According to an embodiment, in order to reduce or eliminate the thermal effects of a given imprint on subsequent imprints, the order in which patterns are applied in the imprintable medium on the substrate is changed. For example, referring to
The patterns 3 could be imprinted on the imprintable medium 2 in any order, so long as the number of patterns imprinted adjacent to one another and in immediate succession is reduced when compared to prior art techniques. For example, a random imprinting order may be sufficient, or one where the patterns are printed in an order which guarantees that only a limited number (and possibly a predetermined number) are printed adjacent to one another in succession.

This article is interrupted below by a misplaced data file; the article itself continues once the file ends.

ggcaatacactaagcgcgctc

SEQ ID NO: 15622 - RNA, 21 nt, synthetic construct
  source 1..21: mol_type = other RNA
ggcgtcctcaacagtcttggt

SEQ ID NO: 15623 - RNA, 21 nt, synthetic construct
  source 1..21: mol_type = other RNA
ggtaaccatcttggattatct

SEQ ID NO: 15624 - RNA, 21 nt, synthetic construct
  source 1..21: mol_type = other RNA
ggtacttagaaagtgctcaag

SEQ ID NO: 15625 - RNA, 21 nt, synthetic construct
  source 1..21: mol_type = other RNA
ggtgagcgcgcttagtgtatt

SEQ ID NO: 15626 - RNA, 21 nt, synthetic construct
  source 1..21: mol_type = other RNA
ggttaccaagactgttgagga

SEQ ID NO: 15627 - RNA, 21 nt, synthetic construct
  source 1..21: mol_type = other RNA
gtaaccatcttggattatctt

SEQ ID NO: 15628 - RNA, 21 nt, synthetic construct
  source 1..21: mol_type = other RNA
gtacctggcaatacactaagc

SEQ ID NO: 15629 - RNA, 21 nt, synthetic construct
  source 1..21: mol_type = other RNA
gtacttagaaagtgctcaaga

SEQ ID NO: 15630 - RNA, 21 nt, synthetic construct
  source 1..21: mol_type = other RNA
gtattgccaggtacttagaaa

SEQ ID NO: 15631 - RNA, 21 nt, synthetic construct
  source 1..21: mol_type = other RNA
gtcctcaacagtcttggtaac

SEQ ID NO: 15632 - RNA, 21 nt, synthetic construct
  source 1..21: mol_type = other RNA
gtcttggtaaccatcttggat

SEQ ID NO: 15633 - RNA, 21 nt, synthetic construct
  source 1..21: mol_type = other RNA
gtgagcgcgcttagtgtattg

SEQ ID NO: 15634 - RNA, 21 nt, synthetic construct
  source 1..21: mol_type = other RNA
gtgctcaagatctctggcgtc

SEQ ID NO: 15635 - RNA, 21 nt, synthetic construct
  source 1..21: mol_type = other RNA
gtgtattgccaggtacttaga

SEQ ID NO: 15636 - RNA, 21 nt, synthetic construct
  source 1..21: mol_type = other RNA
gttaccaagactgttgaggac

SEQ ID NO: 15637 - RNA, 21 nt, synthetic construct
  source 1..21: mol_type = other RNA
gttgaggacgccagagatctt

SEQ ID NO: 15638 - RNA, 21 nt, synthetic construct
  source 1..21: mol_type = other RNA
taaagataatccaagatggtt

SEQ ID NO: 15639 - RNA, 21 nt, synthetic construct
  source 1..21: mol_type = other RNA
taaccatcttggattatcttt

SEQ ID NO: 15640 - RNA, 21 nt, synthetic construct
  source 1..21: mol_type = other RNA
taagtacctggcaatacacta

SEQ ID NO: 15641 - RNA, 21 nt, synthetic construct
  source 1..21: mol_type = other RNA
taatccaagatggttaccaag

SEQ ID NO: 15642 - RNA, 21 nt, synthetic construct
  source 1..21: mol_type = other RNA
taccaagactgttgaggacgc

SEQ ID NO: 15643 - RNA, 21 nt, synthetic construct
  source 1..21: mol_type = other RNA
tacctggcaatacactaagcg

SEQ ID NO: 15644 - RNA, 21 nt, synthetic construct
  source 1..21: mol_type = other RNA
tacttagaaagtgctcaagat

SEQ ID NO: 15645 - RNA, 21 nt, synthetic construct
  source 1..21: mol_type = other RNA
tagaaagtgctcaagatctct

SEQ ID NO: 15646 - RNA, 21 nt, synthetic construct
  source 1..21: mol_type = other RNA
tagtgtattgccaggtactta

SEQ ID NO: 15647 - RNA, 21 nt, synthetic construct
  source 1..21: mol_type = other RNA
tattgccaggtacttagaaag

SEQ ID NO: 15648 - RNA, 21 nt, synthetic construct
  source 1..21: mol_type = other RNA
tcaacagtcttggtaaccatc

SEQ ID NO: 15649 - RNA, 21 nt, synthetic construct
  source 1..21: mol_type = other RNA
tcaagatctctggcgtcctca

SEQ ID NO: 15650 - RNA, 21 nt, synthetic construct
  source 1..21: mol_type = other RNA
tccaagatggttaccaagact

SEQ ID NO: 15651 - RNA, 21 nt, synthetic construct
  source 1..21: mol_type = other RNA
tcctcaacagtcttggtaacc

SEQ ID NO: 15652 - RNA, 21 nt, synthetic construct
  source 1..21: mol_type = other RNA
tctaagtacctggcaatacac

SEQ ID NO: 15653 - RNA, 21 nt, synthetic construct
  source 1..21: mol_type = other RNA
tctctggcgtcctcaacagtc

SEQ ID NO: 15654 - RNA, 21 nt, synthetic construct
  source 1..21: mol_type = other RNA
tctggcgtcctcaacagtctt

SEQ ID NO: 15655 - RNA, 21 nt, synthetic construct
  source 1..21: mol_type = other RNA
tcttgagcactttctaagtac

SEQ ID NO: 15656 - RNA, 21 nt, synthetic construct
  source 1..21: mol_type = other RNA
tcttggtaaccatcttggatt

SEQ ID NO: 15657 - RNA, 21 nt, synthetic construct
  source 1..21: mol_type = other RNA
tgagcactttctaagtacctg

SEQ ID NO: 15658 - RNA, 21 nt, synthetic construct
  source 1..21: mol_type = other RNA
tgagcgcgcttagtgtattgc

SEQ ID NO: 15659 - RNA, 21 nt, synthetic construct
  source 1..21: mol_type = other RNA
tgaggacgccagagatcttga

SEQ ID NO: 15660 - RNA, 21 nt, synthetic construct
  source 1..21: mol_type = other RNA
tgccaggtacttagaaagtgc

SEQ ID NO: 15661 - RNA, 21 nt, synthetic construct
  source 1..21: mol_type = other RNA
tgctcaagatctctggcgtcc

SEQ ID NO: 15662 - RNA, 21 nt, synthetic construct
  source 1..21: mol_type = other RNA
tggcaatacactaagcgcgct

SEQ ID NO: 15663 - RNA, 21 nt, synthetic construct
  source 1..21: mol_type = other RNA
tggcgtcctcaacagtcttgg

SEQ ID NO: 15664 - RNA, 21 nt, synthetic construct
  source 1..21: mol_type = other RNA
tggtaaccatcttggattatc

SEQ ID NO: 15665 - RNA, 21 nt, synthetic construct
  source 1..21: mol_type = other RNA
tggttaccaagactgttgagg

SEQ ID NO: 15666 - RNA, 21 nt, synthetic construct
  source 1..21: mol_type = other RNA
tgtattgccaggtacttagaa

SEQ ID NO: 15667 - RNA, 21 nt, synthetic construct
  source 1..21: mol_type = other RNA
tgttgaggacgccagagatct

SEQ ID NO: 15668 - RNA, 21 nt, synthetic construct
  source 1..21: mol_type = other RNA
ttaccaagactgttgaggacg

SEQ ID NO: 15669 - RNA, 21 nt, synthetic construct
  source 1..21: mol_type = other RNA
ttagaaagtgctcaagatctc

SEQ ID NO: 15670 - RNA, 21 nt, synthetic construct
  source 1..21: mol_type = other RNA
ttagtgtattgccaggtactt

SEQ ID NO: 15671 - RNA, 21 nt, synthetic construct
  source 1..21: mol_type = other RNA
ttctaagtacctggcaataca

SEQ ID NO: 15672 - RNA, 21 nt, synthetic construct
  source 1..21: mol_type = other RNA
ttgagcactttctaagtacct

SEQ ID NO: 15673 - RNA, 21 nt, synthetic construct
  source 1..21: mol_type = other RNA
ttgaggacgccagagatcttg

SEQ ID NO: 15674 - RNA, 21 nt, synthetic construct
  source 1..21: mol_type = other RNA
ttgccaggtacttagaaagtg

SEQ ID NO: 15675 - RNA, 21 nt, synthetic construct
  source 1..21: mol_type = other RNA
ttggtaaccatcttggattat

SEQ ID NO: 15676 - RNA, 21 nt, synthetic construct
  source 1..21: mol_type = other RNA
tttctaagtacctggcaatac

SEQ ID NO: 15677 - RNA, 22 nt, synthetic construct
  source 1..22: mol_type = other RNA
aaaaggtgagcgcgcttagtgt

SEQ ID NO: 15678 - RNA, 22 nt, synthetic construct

It can be seen from a comparison of
A method according to an embodiment of the present invention may be implemented by a controller, such as a computer or embedded processor or the like suitably electronically configured and/or programmed. The controller could be arranged to move a holder which holds the substrate, and/or be arranged to move the imprint template to effect the imprint order described above in relation to
The imprinting order according to, for instance,